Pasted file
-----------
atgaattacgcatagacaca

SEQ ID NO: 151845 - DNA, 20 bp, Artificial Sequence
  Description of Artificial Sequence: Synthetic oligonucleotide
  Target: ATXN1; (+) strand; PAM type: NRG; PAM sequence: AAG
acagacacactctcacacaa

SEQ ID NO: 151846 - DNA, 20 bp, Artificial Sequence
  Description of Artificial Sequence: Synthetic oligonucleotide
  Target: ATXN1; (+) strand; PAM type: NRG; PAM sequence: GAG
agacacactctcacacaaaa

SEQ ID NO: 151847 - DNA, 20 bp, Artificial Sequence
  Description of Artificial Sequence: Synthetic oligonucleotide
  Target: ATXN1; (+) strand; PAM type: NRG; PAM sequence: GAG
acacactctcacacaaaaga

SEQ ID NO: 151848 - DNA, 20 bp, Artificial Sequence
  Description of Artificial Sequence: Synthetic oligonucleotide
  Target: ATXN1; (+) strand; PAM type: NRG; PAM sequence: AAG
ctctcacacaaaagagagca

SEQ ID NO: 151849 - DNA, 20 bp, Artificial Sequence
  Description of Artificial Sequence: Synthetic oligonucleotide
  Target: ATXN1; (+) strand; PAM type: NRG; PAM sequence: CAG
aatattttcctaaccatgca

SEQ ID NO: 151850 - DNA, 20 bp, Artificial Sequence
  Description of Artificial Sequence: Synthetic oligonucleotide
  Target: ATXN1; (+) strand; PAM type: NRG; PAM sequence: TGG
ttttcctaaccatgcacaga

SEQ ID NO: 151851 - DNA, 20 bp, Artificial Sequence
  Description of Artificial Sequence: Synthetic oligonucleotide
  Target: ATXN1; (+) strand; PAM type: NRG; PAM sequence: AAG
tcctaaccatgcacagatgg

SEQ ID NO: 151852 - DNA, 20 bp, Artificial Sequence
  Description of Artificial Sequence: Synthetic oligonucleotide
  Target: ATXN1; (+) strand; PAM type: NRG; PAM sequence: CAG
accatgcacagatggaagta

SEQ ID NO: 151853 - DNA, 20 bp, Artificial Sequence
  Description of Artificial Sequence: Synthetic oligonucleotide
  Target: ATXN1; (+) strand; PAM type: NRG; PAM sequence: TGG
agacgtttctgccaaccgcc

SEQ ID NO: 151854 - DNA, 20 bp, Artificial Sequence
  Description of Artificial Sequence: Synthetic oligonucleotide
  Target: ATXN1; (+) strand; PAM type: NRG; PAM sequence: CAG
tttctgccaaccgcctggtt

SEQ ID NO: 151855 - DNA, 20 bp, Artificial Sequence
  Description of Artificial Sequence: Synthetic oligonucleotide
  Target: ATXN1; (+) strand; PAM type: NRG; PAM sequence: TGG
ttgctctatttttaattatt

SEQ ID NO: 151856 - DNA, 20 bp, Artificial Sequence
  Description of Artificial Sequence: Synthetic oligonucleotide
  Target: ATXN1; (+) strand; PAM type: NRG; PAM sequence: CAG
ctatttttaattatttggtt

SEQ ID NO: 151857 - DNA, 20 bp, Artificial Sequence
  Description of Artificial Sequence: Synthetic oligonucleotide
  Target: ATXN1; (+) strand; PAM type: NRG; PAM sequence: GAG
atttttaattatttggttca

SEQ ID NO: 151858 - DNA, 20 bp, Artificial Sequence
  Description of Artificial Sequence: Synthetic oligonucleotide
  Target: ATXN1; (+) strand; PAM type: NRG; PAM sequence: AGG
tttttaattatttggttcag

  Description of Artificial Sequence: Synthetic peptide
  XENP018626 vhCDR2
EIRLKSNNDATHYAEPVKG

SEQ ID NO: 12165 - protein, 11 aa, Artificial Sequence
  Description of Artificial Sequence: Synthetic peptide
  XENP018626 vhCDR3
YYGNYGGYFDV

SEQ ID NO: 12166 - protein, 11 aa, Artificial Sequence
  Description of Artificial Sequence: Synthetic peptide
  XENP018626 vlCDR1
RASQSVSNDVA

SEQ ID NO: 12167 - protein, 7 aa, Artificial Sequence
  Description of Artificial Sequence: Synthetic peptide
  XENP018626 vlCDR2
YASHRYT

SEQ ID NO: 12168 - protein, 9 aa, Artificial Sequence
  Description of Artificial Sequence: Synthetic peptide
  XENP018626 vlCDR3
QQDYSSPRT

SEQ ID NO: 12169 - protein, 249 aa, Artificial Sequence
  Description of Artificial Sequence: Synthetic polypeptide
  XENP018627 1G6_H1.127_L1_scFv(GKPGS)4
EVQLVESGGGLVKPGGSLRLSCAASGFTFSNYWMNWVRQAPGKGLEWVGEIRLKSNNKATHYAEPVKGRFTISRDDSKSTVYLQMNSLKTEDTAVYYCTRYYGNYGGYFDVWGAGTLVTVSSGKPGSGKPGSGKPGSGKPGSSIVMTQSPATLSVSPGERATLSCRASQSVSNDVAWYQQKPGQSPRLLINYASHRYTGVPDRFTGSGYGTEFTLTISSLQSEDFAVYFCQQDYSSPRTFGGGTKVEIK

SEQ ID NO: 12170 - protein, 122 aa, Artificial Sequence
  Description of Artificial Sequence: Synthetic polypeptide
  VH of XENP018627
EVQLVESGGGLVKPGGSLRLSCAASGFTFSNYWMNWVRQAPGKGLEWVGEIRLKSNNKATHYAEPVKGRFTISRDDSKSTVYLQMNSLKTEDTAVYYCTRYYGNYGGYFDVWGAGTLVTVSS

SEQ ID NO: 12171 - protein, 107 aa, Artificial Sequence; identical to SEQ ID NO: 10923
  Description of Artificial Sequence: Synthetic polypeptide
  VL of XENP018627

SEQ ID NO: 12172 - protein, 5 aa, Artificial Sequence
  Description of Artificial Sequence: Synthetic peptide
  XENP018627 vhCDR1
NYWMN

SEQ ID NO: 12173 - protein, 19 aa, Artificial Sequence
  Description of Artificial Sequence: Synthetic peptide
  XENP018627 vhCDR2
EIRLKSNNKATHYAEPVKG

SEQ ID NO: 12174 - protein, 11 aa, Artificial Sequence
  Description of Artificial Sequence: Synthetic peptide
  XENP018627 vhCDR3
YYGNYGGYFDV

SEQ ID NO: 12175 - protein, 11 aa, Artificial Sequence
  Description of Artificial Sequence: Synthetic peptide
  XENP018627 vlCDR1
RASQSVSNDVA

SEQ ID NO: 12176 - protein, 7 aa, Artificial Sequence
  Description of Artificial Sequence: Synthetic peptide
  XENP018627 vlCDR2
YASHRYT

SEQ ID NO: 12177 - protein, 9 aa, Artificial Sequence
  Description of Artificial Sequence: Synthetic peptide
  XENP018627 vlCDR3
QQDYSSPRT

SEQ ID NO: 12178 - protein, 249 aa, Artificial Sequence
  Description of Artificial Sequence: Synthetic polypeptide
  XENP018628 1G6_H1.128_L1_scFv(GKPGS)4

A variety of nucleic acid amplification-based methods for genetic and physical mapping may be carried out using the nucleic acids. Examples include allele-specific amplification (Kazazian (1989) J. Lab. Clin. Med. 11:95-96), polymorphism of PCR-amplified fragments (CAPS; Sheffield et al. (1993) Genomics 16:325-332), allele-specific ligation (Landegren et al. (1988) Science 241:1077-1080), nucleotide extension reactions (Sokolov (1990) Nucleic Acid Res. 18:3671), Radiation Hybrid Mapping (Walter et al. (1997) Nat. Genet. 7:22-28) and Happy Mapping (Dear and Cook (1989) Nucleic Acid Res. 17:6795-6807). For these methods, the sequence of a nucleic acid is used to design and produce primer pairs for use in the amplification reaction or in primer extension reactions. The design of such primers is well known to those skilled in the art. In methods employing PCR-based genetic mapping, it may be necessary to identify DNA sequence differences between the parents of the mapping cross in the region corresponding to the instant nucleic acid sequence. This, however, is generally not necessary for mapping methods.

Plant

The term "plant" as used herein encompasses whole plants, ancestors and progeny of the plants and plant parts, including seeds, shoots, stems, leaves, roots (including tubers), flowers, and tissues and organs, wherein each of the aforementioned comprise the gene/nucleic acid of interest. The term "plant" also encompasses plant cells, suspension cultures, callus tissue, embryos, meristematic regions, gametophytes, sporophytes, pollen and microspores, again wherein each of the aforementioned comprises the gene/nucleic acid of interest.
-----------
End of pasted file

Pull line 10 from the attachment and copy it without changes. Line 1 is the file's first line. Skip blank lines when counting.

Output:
SEQ ID NO: 151847 - DNA, 20 bp, Artificial Sequence